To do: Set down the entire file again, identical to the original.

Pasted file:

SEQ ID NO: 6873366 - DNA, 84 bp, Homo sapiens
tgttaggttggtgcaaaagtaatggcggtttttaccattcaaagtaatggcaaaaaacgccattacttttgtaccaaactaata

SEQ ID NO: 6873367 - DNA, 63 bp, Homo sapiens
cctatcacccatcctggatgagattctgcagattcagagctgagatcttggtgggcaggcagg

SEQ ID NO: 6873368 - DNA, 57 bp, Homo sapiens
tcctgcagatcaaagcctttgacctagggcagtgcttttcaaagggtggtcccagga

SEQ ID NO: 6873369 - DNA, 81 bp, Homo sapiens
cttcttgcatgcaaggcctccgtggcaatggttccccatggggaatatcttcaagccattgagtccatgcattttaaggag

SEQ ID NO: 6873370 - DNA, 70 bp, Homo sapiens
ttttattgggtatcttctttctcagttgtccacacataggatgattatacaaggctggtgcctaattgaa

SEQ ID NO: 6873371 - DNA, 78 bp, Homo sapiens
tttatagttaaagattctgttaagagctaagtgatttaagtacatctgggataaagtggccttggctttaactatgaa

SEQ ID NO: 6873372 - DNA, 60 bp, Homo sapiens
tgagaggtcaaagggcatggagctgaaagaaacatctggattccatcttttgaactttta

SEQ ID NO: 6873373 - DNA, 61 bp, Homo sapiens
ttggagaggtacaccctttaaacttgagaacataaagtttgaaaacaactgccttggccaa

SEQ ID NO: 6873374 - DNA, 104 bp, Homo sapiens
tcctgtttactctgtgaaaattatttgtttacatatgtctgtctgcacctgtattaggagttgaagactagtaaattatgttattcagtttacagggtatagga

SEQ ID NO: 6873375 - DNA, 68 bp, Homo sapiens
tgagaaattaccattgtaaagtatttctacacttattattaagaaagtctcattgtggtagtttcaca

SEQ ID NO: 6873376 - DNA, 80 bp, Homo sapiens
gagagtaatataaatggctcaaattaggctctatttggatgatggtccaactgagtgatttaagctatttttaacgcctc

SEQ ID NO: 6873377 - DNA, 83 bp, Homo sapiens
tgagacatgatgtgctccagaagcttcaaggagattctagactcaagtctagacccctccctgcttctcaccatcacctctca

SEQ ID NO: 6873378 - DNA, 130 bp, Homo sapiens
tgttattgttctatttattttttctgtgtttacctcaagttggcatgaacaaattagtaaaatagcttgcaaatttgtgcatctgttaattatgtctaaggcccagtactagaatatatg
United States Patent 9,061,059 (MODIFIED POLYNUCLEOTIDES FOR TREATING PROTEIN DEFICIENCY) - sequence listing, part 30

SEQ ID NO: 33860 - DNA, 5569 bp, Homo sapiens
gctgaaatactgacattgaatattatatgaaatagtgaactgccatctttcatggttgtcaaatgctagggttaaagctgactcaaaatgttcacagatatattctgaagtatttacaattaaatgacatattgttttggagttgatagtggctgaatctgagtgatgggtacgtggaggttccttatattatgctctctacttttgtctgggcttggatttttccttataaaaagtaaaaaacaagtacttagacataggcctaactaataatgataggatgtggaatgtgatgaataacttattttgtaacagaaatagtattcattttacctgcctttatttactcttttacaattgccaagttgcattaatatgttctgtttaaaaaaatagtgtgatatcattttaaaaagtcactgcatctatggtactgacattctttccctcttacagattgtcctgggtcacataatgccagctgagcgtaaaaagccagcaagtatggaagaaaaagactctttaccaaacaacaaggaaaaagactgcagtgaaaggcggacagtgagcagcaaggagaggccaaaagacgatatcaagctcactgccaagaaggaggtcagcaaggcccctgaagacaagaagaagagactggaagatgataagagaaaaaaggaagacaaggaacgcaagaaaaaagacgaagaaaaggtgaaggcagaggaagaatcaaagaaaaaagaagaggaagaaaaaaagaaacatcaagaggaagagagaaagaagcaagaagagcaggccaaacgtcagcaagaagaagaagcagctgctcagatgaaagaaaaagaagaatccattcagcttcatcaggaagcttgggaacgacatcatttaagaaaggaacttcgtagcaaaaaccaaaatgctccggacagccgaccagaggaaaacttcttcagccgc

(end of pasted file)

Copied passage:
SEQ ID NO: 6873366 - DNA, 84 bp, Homo sapiens
tgttaggttggtgcaaaagtaatggcggtttttaccattcaaagtaatggcaaaaaacgccattacttttgtaccaaactaata

SEQ ID NO: 6873367 - DNA, 63 bp, Homo sapiens
cctatcacccatcctggatgagattctgcagattcagagctgagatcttggtgggcaggcagg

SEQ ID NO: 6873368 - DNA, 57 bp, Homo sapiens
tcctgcagatcaaagcctttgacctagggcagtgcttttcaaagggtggtcccagga

SEQ ID NO: 6873369 - DNA, 81 bp, Homo sapiens
cttcttgcatgcaaggcctccgtggcaatggttccccatggggaatatcttcaagccattgagtccatgcattttaaggag

SEQ ID NO: 6873370 - DNA, 70 bp, Homo sapiens
ttttattgggtatcttctttctcagttgtccacacataggatgattatacaaggctggtgcctaattgaa

SEQ ID NO: 6873371 - DNA, 78 bp, Homo sapiens
tttatagttaaagattctgttaagagctaagtgatttaagtacatctgggataaagtggccttggctttaactatgaa

SEQ ID NO: 6873372 - DNA, 60 bp, Homo sapiens
tgagaggtcaaagggcatggagctgaaagaaacatctggattccatcttttgaactttta

SEQ ID NO: 6873373 - DNA, 61 bp, Homo sapiens
ttggagaggtacaccctttaaacttgagaacataaagtttgaaaacaactgccttggccaa

SEQ ID NO: 6873374 - DNA, 104 bp, Homo sapiens
tcctgtttactctgtgaaaattatttgtttacatatgtctgtctgcacctgtattaggagttgaagactagtaaattatgttattcagtttacagggtatagga

SEQ ID NO: 6873375 - DNA, 68 bp, Homo sapiens
tgagaaattaccattgtaaagtatttctacacttattattaagaaagtctcattgtggtagtttcaca

SEQ ID NO: 6873376 - DNA, 80 bp, Homo sapiens
gagagtaatataaatggctcaaattaggctctatttggatgatggtccaactgagtgatttaagctatttttaacgcctc

SEQ ID NO: 6873377 - DNA, 83 bp, Homo sapiens
tgagacatgatgtgctccagaagcttcaaggagattctagactcaagtctagacccctccctgcttctcaccatcacctctca

SEQ ID NO: 6873378 - DNA, 130 bp, Homo sapiens
tgttattgttctatttattttttctgtgtttacctcaagttggcatgaacaaattagtaaaatagcttgcaaatttgtgcatctgttaattatgtctaaggcccagtactagaatatatg
United States Patent 9,061,059 (MODIFIED POLYNUCLEOTIDES FOR TREATING PROTEIN DEFICIENCY) - sequence listing, part 30

SEQ ID NO: 33860 - DNA, 5569 bp, Homo sapiens
gctgaaatactgacattgaatattatatgaaatagtgaactgccatctttcatggttgtcaaatgctagggttaaagctgactcaaaatgttcacagatatattctgaagtatttacaattaaatgacatattgttttggagttgatagtggctgaatctgagtgatgggtacgtggaggttccttatattatgctctctacttttgtctgggcttggatttttccttataaaaagtaaaaaacaagtacttagacataggcctaactaataatgataggatgtggaatgtgatgaataacttattttgtaacagaaatagtattcattttacctgcctttatttactcttttacaattgccaagttgcattaatatgttctgtttaaaaaaatagtgtgatatcattttaaaaagtcactgcatctatggtactgacattctttccctcttacagattgtcctgggtcacataatgccagctgagcgtaaaaagccagcaagtatggaagaaaaagactctttaccaaacaacaaggaaaaagactgcagtgaaaggcggacagtgagcagcaaggagaggccaaaagacgatatcaagctcactgccaagaaggaggtcagcaaggcccctgaagacaagaagaagagactggaagatgataagagaaaaaaggaagacaaggaacgcaagaaaaaagacgaagaaaaggtgaaggcagaggaagaatcaaagaaaaaagaagaggaagaaaaaaagaaacatcaagaggaagagagaaagaagcaagaagagcaggccaaacgtcagcaagaagaagaagcagctgctcagatgaaagaaaaagaagaatccattcagcttcatcaggaagcttgggaacgacatcatttaagaaaggaacttcgtagcaaaaaccaaaatgctccggacagccgaccagaggaaaacttcttcagccgc